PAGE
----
Portuguese diplomat who saved thousands during the Holocaust honored with a place in Jerusalem

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(JTA) — A plaza in Jerusalem’s Kiryat Hayovel neighborhood is named after Aristides de Sousa Mendes, a Portuguese diplomat who saved thousands of lives during the Holocaust but spent the rest of his life as a social outcast.

“This little corner of Jerusalem, the Eternal City, now bears the name of a hero,” Jerusalem Mayor Moshe Lion announced at a ceremony last week. “Think of the thousands of people who will pass through here every day. Many of them, perhaps, Jews who were saved through the bravery of Ambassador Sousa Mendes.

Sousa Mendes served as consul in Bordeaux in 1940 and issued visas to around 10,000 Jewish refugees when the Nazis took over Europe. Risking danger to himself and his family, Sousa Mendes saved around 30,000 people in total despite Portuguese dictator Antonio Salazar’s “Circular 14” decree, which prohibited Portuguese diplomats from issuing visas to Jews.

Mendes was recognized by a monument in Lisbon in 2020 and a plane named after him in 2014, but his actions were not widely recognized during his lifetime. He was recalled to Lisbon during the war, blacklisted and then fell into poverty. The Jewish community in Lisbon fed him and his family in their community soup kitchen.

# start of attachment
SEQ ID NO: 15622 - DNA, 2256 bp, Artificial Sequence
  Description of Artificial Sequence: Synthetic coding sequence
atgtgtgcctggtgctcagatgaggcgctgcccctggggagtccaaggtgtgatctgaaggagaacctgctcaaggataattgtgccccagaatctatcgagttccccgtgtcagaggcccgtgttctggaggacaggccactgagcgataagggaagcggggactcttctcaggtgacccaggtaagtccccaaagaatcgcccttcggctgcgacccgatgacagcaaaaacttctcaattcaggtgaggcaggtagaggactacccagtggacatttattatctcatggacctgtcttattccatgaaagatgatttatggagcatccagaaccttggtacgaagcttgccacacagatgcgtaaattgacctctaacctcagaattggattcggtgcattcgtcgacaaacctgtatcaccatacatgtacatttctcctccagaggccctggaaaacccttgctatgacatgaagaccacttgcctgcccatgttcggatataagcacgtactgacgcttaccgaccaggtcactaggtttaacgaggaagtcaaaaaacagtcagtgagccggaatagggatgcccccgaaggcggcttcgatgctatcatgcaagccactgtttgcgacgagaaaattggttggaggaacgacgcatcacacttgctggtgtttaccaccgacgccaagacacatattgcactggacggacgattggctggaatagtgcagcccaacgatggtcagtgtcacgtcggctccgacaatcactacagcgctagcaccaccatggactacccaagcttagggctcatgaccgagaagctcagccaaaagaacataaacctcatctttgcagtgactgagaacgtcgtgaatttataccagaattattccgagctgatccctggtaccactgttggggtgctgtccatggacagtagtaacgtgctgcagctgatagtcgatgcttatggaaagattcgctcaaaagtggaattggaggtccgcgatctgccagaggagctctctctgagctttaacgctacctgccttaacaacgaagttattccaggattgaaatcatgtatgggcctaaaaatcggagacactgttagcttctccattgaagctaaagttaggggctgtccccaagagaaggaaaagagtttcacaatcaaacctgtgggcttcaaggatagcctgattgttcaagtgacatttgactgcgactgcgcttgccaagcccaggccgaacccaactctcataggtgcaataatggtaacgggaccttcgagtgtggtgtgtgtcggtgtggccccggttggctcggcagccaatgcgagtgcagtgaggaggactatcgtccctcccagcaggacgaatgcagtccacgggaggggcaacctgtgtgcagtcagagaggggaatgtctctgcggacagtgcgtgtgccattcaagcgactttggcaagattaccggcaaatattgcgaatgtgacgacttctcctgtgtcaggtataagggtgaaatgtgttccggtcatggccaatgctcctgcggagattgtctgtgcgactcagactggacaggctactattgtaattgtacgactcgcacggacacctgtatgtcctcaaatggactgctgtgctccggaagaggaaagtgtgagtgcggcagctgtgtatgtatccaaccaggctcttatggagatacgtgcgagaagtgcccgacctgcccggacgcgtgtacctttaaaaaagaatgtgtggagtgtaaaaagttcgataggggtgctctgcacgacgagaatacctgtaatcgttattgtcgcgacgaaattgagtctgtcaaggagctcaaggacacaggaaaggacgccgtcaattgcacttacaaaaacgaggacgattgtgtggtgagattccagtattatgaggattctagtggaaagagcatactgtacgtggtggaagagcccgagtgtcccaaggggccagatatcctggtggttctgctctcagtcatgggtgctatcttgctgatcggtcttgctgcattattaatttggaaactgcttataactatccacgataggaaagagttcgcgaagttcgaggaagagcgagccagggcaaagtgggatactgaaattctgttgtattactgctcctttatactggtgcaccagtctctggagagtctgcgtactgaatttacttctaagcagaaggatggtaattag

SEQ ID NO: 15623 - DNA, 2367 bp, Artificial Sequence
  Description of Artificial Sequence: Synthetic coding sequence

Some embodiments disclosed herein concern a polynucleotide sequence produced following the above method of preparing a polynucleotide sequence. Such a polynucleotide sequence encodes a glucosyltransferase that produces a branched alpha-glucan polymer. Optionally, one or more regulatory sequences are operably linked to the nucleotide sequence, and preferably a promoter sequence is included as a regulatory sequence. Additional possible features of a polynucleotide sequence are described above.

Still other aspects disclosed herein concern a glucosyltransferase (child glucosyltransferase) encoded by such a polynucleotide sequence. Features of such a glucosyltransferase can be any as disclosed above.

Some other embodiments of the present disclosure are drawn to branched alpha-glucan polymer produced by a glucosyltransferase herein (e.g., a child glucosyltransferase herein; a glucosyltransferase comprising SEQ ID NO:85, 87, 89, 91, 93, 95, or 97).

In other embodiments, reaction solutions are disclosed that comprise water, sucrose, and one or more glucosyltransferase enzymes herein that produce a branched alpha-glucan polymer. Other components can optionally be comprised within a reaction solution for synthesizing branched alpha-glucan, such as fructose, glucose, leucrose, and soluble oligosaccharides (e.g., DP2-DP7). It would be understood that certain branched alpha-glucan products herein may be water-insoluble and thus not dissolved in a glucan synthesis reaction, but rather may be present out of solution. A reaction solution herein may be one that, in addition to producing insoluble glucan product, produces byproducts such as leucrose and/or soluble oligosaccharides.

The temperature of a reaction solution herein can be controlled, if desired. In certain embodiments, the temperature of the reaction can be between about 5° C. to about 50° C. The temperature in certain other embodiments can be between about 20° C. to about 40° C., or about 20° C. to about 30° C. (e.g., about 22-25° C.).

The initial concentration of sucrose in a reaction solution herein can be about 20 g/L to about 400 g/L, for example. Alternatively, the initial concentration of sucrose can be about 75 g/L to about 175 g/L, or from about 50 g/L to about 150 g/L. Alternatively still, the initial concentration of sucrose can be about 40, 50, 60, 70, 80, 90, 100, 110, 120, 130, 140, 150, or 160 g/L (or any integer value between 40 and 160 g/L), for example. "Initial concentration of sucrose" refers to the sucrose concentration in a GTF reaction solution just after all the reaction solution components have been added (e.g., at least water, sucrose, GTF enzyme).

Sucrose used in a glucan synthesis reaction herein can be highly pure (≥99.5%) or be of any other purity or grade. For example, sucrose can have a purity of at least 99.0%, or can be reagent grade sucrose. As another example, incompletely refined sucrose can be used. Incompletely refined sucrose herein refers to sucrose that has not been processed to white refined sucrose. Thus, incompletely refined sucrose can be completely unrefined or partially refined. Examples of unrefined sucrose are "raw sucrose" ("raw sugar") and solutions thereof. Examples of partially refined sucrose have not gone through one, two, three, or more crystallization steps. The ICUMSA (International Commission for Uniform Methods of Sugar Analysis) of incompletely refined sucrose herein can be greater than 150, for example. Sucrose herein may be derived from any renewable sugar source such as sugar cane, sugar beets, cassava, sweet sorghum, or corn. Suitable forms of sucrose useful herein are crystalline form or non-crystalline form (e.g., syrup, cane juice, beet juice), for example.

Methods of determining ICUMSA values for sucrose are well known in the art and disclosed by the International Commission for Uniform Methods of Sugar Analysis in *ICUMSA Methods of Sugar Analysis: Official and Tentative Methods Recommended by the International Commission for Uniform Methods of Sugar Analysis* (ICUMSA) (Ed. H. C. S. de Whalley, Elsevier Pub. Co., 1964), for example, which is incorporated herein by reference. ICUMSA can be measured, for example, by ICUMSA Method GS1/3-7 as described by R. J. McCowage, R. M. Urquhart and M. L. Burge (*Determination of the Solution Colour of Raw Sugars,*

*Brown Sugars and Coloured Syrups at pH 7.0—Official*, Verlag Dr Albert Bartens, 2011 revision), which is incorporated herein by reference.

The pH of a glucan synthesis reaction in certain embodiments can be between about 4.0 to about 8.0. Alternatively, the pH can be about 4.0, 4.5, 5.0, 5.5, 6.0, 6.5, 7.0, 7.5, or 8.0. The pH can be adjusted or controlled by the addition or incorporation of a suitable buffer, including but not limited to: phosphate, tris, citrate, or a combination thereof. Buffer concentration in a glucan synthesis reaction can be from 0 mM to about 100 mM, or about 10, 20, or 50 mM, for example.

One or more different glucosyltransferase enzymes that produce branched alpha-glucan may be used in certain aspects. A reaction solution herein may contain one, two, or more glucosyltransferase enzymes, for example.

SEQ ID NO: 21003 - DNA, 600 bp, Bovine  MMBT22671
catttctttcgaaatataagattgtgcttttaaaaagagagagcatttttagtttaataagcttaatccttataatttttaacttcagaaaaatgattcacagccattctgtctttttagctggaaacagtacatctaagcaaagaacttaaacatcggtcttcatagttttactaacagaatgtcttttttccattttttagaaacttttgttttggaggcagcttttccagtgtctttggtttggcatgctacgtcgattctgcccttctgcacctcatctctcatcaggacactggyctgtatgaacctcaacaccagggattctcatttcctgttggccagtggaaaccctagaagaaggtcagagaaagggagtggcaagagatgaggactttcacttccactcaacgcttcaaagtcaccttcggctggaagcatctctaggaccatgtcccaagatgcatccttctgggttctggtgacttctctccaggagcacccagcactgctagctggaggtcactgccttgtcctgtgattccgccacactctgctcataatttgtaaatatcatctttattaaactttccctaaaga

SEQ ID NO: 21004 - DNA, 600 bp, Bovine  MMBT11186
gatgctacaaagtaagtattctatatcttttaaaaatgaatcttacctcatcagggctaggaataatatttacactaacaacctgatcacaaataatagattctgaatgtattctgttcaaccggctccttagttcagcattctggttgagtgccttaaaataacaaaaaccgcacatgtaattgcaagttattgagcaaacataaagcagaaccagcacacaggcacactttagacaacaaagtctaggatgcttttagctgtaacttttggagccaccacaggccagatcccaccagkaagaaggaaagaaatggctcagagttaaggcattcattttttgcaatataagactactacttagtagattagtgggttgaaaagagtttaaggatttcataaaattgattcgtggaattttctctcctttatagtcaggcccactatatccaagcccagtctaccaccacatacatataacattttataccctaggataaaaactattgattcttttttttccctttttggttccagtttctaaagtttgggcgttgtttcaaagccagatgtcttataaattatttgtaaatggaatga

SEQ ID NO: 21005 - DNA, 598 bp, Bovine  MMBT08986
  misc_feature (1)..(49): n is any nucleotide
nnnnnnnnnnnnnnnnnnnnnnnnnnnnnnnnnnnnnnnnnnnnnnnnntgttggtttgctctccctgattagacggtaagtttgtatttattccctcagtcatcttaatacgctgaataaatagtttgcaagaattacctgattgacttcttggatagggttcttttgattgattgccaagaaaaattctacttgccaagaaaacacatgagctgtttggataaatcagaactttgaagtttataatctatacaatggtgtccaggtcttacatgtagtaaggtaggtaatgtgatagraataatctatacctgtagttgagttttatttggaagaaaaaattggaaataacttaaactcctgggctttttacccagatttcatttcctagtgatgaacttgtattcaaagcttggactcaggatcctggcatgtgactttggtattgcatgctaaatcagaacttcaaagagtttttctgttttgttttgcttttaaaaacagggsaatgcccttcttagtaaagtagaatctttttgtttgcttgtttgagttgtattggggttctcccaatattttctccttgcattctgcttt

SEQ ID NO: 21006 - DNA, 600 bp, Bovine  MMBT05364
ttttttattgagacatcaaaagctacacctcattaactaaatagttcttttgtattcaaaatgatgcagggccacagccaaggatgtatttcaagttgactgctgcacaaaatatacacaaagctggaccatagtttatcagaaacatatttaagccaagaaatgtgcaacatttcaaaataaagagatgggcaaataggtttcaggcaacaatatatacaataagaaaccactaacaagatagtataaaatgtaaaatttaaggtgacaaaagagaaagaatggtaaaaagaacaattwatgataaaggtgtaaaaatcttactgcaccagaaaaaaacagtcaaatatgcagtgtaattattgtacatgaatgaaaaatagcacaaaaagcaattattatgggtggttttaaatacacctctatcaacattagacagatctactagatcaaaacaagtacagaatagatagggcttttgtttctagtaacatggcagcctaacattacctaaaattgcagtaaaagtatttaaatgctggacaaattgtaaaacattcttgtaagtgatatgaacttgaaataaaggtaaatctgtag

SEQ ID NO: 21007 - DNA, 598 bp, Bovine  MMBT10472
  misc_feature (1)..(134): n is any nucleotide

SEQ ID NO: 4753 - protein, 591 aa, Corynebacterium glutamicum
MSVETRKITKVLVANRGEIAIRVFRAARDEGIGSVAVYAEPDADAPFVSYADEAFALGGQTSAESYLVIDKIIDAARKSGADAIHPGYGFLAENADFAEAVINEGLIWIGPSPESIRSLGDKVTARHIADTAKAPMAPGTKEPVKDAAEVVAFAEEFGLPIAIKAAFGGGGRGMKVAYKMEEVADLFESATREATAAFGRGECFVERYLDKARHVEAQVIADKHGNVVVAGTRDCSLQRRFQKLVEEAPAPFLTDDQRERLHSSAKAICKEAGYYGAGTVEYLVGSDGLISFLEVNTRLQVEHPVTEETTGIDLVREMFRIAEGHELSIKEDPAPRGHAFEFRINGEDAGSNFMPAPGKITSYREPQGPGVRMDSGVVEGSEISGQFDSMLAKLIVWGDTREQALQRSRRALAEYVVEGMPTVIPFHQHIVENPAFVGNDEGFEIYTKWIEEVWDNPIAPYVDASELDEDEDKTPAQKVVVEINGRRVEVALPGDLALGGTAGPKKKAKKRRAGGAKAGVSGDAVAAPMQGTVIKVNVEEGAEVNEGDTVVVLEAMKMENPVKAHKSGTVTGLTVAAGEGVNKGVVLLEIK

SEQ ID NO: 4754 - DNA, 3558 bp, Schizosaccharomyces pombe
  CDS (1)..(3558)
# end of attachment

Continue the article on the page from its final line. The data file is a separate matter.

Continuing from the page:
“He lost everything,” Olivia Mattis, president of the Sousa Mendes Foundation and descendant of one of those he rescued, told The Times of Israel.

Mendes was posthumously recognized as a Righteous Among the Nations – a title conferred on behalf of the State of Israel by the Yad Vashem Holocaust Museum in Jerusalem to non-Jews who risked their lives to save Jews during the Holocaust.

“Paying homage to this man today is an opportunity to look within ourselves in search of values ​​of peace, love, humanity and compassion for one another,” said Jorge Cabral, Portuguese ambassador to Israel, during the naming ceremony of the square.

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